Color Style: The Slip-Stitch Technique

Deborah Newton's Honeycomb Turtleneck

When I was a relatively new knitter, meaning I made a lot of simple scarves and had one stockinette sweater under my belt, I took a workshop from super-creative designer Leigh Radford. She was promoting creativity in knitting and she had us knitting with all kinds of different materials, including wire and leather!

The last thing we did in the workshop was knit a slip-stitch colorwork swatch. I had never heard of this technique and I was amazed at the impact the slip-stitch method made. It created texture as well as a beautiful pattern.

Working the slip-stitch colorwork technique seems more achievable to some of us than working Fair Isle or intarsia; there's only one color worked per row. There's no carrying yarn behind the work or working with bobbins. Don't get me wrong—Fair Isle and intarsia are wonderful, too, I just think the easy-to-knit slip-stitch method packs quite a punch for not much effort.

For example, check out Deborah Newton's Honeycomb Turtleneck, at left, from the book Color Style. Talk about making an impact! All of the colorwork on the yoke and cuffs is done with the slip-stitch technique! It's such an amazing design.

Here's an excerpt from Color Style, that details the the slip-stitch technique.

Slip Stitch Colorwork

A simple way to knit stripes that don't look like stripes is to work slip-stitch patterns. In this type of color knitting, two contrasting colors-a "dark" color and a "light" color-are alternated every two rows. Following a charted pattern, one of the colors—for example, the dark color—is used to knit certain stitches (e.g., the dark stitches on the chart) and other stitches (e.g., the light stitches) are slipped (transferred from the left needle to the right needle without being knitted). On the next row, the same stitches that were worked on the previous row are worked again (either knitted or purled), and the stitches that were slipped are slipped again. On the next two rows, the other yarn color—for example, the light color—is used, and different stitches (some of which may be the same as the previous two rows) are worked, while others are slipped. Stitches of both colors will appear on your needles even though each row is worked with only one of the colors.

To begin a slip-stitch pattern, you need to have a foundation row. Typically, this row is worked in one of the colors used for the pattern. The foundation row can be the cast-on row if the stitches aren't already on the needles. The slip-stitch pattern begins with a right-side row and with a different color from the one you used for the foundation row. For example, if you used the light color in the foundation row, you'll use the dark color for the first row of the charted pattern. Follow the first row of the chart, knitting the stitches that are to appear in the working color and slipping the stitches in the original color from the previous row.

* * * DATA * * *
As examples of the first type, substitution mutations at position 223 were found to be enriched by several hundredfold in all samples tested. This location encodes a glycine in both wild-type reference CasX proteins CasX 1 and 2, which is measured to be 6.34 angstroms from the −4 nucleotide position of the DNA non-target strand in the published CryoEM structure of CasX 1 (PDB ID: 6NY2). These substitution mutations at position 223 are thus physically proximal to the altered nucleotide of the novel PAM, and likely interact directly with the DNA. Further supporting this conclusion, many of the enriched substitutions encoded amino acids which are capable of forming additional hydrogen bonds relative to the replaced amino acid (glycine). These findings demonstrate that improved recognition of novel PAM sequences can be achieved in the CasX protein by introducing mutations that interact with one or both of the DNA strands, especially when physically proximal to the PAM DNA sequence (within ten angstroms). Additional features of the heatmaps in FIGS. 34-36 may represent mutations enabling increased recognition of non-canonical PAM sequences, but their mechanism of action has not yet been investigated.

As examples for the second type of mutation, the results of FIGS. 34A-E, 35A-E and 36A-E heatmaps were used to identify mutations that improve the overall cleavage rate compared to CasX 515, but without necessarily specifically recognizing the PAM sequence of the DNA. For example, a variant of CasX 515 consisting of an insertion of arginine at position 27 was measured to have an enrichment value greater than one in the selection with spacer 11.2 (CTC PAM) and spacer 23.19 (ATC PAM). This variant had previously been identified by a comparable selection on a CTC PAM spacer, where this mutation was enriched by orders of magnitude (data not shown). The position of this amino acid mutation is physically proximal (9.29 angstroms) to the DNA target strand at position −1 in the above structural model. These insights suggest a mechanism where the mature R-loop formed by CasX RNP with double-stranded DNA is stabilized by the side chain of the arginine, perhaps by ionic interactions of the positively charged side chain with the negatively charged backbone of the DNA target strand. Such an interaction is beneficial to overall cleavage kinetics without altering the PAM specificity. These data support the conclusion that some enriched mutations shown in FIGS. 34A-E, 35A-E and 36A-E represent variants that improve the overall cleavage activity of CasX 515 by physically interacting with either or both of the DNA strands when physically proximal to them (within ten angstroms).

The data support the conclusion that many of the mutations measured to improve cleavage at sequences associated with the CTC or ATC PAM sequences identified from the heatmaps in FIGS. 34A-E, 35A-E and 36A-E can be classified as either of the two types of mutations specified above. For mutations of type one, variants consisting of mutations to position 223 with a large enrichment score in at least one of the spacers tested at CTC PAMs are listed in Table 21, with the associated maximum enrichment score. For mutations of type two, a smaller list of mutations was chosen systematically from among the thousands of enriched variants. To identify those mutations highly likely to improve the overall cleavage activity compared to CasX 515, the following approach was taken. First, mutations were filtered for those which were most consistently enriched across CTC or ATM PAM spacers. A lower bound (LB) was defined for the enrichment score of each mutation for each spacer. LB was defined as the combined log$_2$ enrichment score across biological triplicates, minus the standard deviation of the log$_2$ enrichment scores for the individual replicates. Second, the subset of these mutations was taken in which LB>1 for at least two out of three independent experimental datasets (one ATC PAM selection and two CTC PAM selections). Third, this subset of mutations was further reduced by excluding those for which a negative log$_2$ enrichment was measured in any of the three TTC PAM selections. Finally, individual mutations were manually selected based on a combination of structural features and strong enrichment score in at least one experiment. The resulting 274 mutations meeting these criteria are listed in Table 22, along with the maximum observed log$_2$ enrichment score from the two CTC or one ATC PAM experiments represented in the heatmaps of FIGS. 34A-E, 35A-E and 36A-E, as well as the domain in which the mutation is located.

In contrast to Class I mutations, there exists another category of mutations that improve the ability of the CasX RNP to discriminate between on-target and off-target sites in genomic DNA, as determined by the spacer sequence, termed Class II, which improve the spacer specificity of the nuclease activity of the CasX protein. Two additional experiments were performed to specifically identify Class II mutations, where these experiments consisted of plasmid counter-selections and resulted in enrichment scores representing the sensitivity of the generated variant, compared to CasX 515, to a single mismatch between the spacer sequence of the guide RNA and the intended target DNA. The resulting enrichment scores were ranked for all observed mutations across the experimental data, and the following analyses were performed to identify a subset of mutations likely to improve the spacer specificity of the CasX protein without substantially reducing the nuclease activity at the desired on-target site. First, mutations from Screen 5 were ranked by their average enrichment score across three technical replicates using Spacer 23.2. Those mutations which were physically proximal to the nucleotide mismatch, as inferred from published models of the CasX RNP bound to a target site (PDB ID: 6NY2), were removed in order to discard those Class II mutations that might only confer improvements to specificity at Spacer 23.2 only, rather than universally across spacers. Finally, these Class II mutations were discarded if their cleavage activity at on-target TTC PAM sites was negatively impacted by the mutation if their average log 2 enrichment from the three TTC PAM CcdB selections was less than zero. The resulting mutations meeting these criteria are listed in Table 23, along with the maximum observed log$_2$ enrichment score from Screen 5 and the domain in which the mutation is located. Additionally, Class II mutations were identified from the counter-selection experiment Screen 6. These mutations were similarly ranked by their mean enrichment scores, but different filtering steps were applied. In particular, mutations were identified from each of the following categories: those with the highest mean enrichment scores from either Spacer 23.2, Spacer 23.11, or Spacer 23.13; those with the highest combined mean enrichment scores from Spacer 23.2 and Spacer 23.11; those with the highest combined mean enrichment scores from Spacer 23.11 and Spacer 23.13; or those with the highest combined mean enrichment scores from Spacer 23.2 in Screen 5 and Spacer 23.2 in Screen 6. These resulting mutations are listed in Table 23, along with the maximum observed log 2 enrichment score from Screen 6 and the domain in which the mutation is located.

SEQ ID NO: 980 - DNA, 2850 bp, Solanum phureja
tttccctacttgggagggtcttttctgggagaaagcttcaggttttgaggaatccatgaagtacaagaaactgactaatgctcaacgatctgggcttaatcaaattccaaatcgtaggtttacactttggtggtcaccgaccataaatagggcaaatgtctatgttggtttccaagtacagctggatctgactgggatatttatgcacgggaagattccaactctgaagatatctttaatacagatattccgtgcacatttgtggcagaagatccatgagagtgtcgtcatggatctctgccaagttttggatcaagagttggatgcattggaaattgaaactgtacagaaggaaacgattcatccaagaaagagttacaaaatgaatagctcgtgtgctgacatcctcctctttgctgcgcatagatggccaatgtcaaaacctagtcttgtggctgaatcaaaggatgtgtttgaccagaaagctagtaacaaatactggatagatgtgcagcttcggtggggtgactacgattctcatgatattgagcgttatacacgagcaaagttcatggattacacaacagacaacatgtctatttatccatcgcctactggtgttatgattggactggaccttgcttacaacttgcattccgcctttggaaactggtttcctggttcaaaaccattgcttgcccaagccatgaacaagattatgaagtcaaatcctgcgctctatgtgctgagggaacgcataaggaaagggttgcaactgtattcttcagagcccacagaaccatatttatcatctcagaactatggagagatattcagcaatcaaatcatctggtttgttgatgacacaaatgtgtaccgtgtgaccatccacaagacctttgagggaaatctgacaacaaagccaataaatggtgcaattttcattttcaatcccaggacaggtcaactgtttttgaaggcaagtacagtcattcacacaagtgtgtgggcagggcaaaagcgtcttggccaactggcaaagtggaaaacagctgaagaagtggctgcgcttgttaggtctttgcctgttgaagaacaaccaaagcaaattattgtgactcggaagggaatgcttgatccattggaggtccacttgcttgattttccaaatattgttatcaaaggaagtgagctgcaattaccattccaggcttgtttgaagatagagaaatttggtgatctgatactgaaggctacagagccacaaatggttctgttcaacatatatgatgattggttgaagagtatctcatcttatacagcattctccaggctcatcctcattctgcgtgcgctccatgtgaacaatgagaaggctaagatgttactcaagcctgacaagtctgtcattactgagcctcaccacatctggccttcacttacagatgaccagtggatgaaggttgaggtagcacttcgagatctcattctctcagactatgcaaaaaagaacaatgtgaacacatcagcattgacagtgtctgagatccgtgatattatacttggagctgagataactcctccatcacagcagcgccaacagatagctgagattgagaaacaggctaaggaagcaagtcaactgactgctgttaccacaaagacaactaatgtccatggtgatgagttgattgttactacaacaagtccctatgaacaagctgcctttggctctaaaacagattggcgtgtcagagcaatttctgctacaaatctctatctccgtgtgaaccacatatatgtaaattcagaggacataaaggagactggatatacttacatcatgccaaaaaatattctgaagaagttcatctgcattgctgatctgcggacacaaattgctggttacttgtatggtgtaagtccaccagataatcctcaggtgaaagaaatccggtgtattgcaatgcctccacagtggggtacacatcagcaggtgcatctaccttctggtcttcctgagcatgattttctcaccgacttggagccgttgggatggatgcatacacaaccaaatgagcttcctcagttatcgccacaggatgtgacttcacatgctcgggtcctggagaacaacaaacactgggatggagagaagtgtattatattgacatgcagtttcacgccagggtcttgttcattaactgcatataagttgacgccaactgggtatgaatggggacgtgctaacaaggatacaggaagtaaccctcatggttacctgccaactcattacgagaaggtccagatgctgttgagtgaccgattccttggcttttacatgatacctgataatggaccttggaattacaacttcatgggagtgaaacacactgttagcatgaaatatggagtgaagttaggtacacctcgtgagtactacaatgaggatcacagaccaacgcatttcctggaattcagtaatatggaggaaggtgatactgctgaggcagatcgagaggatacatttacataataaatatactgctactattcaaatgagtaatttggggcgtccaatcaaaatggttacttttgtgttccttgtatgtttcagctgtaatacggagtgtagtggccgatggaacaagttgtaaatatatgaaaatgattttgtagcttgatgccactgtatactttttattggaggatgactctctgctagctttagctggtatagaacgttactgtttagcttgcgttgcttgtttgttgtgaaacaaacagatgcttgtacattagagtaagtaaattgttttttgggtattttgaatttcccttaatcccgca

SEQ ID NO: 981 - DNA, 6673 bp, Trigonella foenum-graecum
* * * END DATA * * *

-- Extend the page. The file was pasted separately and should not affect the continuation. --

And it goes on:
Always slip the stitches purlwise, and, unless otherwise instructed, always hold the yarn on the wrong side of the work when you slip stitches (Figure 1, below). When you get to the end of the row, turn the work around and, for a stockinette-stitch fabric, purl the stitches that were knitted on the previous row and slip the others (Figure 2, below). The slipped stitches will have been carried for two rows. Change colors on the next row (right side facing), and, following the second row of the chart, knit the stitches of that color and slip the others (Figure 3, below). Work the return row by purling the worked stitches and slipping the remainder. Because the stitches on the return rows are always worked as they were on the right-side row, slip-stitch charts typically only show the right-side (forward) rows. A column of dark and light squares to the right of slip-stitch charts indicates which color (light or dark) should be used for each two-row sequence.

Figure 1 Figure 2 Figure 3

Slip-stitch patterns are appropriate for all types of projects, but because the slipped stitches tend to spread horizontally when blocked, be sure to measure your gauge carefully on a washed and blocked swatch before planning the number of stitches to cast on. Most slip-stitch patterns involve no more than five consecutive slipped stitches to prevent long floats that can cause the fabric to pucker. The slipped stitches tend to appear a little larger than the knitted or purled stitches, which can give slip-stitch patterns a subtle but pleasing appearance.

—from Color Style

Holi Mitts by Jaya Srikrishnan

See how easy this technique is? I want to try this on a small scale, like with the Holi Mitts by Jaya Srikrishnan, pictured at right, also from Color Style. The Holi Festival occurs every spring in India (in English, it's the Festival of Colors), and the highlight is when participants toss dyes and water at each other, resulting in brightly tinted clothing and skin. That sounds like a wonderful way to welcome the spring!

Get Color Style today and bring some brightness into your life! It's on sale in our fabulous Hurt Book and Overstock sale, too!


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